A COVID-19 Response to Modern Slavery using AI Research

26 June 2020
Research Innovation

Bethany Jackson  | Research Associate & Fellow in Antislavery Social-Ecological Systems Modelling, the Rights Lab at the University of Nottingham
Benjamin Lucas  |  Assistant Professor & Data Scientist, the Rights Lab at the University of Nottingham

There has never been a better time to use AI and computational science, including remote-sensing and social media monitoring, for identifying vulnerability to modern slavery. Countries have deployed varying forms of lockdown measures, and the impact of COVID-19 is predicted to heighten risk of exploitation and disrupt anti-slavery efforts. Traditional on-the-ground routes for gathering research data have been stymied by those lockdowns, as well as sickness and the reduction of funding across the NGO sector. Responding to the possibility that computational science may offer a remote way to push forward with data collection and research discovery, one of the first UK All Party Parliamentary Groups (APPGs) to announce a COVID-19 thematic session was the APPG on AI.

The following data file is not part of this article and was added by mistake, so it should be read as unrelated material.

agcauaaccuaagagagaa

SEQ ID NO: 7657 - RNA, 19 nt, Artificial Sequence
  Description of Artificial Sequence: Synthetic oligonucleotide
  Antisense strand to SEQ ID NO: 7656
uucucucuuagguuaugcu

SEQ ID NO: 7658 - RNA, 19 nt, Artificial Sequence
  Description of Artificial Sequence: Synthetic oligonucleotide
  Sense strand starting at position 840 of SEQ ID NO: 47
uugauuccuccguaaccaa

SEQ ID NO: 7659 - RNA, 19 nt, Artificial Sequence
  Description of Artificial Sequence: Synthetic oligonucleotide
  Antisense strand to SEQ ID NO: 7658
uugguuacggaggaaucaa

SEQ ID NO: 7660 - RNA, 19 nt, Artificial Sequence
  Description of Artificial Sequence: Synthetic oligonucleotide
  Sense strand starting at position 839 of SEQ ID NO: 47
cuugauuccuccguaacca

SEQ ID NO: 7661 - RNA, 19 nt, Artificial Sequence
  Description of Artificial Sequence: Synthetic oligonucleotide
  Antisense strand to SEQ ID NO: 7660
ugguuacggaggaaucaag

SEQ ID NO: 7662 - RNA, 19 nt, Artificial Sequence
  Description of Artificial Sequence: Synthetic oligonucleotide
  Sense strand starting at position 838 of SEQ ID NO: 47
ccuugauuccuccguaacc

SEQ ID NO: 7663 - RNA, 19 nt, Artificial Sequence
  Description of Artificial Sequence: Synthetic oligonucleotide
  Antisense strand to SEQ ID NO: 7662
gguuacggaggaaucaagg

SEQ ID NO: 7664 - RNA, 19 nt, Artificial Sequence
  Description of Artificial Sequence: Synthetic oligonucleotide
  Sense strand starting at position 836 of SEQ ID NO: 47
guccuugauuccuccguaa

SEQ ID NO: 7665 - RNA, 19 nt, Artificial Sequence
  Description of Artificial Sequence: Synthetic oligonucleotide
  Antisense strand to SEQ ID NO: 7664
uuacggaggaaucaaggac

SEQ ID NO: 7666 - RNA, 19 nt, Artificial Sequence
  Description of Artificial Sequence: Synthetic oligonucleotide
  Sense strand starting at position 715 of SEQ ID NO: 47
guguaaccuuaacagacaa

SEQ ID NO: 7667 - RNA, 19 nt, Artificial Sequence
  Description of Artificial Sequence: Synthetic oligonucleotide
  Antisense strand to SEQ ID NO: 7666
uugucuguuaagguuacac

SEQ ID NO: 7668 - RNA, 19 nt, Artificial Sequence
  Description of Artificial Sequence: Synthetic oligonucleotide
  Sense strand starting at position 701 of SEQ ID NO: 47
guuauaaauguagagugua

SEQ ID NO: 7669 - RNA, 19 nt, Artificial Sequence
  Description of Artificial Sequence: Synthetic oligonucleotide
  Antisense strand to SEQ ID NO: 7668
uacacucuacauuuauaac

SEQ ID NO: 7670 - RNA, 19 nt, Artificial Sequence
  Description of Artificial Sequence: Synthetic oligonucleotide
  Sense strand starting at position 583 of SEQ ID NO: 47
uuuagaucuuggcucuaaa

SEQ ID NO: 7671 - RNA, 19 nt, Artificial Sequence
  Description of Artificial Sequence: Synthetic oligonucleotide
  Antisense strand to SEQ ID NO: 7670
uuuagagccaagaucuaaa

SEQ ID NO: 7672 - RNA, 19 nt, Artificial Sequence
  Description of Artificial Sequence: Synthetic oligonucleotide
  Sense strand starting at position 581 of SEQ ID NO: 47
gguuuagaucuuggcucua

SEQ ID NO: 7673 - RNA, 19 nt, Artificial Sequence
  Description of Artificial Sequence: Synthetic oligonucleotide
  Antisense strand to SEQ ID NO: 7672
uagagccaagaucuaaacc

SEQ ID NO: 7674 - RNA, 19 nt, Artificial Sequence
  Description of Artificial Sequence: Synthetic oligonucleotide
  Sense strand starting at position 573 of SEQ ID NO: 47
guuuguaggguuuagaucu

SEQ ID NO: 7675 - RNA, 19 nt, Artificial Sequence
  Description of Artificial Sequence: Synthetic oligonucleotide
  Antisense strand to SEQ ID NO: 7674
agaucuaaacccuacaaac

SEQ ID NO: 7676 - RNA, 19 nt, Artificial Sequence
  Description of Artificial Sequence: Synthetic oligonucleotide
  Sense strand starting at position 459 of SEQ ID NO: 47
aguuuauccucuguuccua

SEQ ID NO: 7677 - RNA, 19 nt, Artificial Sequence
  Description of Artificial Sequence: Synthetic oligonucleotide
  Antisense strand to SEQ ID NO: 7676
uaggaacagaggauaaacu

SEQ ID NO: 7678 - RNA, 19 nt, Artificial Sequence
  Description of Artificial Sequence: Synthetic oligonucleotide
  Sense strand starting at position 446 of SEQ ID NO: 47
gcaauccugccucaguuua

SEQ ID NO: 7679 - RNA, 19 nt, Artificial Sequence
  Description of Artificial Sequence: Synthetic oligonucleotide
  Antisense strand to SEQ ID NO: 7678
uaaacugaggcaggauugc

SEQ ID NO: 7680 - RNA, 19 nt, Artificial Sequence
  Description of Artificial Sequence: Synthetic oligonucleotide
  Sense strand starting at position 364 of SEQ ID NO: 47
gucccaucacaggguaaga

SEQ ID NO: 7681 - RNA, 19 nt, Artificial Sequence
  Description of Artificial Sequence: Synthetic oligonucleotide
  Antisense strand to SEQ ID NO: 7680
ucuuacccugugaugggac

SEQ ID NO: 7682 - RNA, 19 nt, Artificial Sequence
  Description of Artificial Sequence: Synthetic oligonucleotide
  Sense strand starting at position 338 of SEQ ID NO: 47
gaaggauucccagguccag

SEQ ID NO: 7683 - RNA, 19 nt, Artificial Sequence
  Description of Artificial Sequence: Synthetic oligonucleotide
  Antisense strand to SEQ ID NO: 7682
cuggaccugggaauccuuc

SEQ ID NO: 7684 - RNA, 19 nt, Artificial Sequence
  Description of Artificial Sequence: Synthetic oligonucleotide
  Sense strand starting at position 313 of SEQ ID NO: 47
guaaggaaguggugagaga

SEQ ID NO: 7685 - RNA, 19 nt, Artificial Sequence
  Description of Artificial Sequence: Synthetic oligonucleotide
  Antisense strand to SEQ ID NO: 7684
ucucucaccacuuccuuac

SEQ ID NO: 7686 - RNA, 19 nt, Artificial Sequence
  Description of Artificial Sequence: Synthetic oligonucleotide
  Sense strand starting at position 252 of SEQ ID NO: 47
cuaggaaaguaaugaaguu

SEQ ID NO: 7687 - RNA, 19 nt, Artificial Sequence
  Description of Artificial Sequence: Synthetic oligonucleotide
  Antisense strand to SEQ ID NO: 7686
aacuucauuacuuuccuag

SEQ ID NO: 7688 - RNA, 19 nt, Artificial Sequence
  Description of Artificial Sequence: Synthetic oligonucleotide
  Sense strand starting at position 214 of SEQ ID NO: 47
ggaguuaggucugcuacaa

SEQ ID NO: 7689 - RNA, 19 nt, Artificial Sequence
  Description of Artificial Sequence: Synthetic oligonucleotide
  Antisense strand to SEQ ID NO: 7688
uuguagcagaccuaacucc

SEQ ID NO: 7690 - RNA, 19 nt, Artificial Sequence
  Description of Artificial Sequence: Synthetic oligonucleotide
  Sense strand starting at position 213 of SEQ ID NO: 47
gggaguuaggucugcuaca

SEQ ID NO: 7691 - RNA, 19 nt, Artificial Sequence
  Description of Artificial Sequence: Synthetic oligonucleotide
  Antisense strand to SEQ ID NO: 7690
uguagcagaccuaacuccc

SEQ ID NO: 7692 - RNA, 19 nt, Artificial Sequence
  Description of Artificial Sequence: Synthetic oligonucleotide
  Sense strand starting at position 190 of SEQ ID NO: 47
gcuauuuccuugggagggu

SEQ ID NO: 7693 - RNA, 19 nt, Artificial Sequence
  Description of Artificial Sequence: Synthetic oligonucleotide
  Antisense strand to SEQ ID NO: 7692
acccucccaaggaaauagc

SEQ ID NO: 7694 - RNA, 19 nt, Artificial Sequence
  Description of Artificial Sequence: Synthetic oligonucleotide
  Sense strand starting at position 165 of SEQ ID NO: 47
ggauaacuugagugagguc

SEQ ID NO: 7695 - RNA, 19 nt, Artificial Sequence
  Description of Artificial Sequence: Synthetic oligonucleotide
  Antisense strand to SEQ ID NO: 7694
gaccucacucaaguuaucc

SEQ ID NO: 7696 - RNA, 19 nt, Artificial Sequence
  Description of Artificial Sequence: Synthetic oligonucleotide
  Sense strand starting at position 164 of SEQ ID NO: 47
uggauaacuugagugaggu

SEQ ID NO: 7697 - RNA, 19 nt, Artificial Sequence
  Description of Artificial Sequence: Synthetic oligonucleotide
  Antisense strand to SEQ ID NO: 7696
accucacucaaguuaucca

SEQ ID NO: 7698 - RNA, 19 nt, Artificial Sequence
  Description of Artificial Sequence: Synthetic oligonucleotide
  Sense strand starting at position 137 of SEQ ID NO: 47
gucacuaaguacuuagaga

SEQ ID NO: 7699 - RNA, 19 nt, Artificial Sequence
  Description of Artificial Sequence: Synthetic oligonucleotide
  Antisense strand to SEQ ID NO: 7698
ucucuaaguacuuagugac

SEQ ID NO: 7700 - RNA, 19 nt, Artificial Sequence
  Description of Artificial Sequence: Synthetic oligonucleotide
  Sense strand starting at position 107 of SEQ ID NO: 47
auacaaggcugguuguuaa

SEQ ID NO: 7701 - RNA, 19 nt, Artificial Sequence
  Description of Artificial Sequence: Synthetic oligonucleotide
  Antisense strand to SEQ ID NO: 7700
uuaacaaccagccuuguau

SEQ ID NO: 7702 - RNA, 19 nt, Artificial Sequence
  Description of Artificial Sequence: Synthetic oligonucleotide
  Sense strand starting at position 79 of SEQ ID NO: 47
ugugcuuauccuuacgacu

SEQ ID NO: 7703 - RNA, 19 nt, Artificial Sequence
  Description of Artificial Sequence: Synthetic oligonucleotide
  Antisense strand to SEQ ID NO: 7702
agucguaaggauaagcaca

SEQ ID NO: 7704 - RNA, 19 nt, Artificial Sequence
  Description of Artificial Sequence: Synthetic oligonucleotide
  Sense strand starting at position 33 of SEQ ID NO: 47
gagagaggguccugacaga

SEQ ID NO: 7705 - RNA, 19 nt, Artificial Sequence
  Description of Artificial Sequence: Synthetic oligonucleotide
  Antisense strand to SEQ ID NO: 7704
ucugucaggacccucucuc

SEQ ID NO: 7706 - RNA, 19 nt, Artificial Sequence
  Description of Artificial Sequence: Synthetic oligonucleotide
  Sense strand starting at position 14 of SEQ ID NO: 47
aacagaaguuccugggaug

Responding to the idea that AI has a role to play in the response to COVID-19, members of Code 8.7 have begun using data science, complex systems modelling, remote-sensing and AI/machine-learning to identify risk factors for modern slavery that have been exacerbated by the pandemic, and to investigate how the anti-slavery sector has responded.

Using Global Space Technology to Identify New Vulnerability